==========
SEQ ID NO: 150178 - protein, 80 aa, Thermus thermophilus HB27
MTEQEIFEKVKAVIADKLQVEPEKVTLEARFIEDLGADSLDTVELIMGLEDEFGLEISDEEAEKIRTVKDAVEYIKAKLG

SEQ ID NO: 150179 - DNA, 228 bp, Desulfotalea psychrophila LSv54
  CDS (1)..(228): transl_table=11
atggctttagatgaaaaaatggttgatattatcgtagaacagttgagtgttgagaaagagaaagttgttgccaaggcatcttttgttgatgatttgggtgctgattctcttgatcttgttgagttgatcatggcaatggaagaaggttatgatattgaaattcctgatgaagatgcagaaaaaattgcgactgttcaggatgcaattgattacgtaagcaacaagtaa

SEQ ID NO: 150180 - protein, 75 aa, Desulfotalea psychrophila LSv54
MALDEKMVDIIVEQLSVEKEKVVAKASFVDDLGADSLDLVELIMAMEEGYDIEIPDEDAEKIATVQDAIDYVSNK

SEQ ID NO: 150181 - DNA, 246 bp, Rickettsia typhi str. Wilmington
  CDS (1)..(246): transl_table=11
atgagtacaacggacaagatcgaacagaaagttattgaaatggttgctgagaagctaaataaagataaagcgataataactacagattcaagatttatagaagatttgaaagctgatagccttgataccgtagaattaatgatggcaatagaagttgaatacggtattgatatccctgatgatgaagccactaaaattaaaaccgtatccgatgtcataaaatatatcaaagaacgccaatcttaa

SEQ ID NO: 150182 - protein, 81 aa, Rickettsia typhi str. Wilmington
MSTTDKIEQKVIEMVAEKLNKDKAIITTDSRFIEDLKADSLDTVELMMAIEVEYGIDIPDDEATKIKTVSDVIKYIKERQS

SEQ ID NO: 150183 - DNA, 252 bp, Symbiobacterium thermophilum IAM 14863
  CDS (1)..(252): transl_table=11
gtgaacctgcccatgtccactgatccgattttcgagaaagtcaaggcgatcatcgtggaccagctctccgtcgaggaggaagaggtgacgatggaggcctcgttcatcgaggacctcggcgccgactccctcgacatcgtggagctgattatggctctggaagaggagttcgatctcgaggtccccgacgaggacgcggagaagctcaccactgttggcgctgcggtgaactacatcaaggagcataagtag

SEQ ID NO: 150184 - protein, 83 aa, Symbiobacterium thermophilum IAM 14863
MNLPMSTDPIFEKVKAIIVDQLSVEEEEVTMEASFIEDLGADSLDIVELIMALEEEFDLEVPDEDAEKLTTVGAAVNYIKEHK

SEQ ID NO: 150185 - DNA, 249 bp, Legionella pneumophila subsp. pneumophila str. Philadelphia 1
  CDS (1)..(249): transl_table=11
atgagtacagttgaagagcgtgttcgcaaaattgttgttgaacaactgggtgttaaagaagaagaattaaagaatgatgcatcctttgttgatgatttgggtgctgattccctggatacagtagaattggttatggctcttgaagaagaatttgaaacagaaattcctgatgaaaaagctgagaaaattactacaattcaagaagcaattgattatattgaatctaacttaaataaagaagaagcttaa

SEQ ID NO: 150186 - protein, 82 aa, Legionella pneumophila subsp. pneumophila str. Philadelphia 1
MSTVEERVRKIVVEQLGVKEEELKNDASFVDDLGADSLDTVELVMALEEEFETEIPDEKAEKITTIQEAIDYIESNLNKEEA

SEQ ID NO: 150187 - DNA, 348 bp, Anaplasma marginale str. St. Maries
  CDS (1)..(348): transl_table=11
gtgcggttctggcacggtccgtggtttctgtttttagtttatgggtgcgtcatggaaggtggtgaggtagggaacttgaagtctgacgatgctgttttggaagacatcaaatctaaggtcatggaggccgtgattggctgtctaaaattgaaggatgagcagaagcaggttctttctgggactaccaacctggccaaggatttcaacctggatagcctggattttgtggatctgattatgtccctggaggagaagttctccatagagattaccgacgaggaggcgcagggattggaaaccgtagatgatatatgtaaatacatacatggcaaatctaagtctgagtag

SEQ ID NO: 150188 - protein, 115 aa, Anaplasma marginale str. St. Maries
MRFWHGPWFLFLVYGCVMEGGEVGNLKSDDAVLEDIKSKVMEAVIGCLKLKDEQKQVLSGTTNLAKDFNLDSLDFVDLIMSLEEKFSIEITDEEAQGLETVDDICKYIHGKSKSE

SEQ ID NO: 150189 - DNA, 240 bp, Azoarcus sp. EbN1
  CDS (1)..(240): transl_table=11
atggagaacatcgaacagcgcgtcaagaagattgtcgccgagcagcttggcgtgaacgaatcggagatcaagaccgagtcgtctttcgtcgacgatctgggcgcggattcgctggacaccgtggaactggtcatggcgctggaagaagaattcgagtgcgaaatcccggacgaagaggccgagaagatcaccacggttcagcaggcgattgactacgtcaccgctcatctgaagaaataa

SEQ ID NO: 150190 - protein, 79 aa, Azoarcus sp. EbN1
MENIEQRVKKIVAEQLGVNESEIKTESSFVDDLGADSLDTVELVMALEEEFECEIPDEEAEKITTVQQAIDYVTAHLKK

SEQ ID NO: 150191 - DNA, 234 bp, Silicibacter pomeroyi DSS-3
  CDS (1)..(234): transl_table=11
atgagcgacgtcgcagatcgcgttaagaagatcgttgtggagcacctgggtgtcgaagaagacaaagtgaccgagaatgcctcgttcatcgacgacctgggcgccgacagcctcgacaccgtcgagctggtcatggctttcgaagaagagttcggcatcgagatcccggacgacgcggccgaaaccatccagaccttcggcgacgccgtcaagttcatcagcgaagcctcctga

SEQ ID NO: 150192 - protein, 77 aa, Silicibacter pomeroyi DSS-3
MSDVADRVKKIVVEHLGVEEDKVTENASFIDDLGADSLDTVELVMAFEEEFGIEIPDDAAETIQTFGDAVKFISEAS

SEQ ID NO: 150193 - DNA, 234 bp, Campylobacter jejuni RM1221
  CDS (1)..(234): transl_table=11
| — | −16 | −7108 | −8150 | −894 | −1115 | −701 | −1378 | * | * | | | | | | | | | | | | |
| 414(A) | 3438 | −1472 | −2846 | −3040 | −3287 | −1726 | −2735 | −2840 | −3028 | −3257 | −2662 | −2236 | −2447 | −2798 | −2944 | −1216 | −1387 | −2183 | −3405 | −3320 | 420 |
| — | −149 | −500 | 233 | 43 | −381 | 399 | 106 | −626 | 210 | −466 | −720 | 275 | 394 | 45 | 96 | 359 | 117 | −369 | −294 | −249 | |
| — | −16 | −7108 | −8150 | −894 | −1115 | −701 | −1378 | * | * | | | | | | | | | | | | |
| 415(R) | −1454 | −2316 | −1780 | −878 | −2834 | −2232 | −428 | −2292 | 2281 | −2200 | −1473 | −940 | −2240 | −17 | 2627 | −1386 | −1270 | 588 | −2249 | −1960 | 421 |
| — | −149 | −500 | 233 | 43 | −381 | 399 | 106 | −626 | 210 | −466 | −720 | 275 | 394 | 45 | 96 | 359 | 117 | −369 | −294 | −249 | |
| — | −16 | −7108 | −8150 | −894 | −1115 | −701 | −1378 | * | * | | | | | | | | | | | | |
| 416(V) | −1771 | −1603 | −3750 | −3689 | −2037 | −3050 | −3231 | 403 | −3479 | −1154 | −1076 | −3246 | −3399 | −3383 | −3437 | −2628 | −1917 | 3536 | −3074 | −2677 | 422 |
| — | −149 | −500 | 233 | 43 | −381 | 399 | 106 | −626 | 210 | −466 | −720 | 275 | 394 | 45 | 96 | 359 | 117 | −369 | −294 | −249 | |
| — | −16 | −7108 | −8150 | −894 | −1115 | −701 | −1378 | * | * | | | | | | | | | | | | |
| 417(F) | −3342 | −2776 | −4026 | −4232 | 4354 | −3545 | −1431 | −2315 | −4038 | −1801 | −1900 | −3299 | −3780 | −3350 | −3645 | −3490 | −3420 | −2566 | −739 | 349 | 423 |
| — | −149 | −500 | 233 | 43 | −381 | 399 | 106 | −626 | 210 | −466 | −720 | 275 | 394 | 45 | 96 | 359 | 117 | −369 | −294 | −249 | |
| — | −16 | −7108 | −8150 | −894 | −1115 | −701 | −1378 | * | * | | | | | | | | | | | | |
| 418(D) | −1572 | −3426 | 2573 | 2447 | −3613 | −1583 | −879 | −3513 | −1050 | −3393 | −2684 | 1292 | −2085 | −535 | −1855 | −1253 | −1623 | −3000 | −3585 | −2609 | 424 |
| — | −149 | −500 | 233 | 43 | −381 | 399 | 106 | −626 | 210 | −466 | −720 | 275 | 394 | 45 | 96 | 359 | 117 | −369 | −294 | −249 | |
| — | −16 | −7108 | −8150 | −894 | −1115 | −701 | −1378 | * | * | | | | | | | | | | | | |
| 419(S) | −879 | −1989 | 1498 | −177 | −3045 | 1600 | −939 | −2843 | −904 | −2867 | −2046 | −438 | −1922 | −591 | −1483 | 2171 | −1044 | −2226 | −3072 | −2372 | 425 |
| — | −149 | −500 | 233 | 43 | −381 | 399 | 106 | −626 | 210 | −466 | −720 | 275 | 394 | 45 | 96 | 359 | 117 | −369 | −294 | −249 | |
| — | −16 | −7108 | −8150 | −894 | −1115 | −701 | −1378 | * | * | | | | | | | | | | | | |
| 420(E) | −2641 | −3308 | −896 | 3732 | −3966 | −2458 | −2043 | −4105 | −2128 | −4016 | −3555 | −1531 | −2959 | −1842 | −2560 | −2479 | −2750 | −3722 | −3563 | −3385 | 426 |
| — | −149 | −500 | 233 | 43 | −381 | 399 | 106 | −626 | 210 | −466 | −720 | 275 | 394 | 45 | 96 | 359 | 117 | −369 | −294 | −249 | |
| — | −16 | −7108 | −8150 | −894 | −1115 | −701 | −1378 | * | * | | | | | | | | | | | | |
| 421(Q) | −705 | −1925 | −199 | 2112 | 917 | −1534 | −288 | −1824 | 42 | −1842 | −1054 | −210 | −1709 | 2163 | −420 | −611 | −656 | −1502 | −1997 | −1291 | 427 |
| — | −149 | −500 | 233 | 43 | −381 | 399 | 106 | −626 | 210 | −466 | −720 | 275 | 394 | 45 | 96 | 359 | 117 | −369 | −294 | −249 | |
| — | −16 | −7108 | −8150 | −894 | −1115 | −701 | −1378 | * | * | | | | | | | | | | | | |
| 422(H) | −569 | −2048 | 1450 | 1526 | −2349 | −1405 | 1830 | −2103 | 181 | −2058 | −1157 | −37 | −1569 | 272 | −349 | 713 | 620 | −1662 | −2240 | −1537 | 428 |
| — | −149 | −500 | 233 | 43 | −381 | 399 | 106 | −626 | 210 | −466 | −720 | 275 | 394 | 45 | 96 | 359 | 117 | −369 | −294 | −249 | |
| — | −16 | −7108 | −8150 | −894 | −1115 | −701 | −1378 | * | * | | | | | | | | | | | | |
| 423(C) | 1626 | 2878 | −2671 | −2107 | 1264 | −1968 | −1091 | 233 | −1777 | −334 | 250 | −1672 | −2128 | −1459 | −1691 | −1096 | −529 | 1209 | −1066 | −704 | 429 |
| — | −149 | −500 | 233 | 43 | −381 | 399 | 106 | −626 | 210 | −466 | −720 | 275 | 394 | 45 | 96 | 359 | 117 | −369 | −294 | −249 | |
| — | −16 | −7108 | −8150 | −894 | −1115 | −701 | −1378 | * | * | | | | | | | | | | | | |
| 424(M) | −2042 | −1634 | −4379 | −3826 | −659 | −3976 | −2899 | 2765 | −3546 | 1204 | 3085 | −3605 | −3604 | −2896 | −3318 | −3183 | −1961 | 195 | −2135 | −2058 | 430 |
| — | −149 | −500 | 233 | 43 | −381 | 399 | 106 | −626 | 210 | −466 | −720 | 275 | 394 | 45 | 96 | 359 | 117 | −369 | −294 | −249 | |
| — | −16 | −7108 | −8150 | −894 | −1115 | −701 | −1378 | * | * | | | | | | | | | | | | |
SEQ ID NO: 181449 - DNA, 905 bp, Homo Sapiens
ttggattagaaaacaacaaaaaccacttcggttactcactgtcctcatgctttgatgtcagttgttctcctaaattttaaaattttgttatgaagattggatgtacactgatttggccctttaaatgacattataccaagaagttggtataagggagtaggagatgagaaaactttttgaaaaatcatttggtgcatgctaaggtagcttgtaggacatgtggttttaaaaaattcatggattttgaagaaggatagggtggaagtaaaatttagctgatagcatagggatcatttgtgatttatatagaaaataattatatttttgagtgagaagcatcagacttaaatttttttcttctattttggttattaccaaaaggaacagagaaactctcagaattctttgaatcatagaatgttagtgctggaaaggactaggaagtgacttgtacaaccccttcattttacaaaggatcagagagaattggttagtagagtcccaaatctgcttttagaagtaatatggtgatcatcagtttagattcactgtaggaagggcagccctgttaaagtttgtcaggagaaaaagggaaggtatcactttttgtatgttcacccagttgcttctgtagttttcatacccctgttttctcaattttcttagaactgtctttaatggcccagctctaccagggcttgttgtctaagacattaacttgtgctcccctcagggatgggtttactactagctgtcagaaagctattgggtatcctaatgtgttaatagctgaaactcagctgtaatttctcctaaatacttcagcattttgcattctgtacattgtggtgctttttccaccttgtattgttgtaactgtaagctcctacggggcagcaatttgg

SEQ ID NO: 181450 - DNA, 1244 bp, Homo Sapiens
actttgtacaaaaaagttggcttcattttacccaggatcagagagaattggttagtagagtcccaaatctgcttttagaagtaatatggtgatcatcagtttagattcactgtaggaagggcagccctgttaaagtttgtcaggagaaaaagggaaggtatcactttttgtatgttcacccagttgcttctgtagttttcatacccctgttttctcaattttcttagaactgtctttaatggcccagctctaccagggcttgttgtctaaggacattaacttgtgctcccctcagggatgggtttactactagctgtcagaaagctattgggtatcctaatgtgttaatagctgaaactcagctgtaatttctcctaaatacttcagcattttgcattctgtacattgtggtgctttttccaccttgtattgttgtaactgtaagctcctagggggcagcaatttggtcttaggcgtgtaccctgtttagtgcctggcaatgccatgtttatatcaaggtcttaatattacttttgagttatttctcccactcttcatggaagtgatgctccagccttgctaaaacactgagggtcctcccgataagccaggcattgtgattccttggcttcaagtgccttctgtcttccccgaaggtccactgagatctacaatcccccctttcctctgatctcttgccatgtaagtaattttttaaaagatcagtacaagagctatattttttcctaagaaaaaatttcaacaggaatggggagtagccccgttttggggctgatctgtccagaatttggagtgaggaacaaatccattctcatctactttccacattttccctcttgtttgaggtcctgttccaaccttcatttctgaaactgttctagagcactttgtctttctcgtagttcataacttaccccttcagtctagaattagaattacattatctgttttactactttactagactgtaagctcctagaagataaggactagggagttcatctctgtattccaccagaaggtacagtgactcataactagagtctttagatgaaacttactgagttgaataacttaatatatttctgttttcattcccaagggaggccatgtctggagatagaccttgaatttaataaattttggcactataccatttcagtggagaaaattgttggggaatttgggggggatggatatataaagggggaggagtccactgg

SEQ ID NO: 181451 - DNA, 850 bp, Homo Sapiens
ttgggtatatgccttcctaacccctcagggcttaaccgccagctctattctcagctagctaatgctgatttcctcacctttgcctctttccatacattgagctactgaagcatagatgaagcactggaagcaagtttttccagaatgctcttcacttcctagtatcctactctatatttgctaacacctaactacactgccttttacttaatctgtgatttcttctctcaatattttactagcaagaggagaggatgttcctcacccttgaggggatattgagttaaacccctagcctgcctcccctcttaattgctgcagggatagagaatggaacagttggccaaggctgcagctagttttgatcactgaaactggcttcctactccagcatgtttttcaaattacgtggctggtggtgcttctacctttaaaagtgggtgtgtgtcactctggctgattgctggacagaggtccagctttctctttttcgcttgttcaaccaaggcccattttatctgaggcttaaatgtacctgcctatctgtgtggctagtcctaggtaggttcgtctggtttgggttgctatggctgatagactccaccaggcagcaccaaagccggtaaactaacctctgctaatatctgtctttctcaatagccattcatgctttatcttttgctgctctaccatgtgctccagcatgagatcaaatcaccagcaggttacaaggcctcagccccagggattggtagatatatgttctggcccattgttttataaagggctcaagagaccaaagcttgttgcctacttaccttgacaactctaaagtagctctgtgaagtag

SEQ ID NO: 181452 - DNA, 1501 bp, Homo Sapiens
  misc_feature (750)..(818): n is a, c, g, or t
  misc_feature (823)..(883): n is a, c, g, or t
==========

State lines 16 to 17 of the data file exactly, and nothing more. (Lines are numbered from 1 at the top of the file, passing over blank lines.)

SEQ ID NO: 150184 - protein, 83 aa, Symbiobacterium thermophilum IAM 14863
MNLPMSTDPIFEKVKAIIVDQLSVEEEEVTMEASFIEDLGADSLDIVELIMALEEEFDLEVPDEDAEKLTTVGAAVNYIKEHK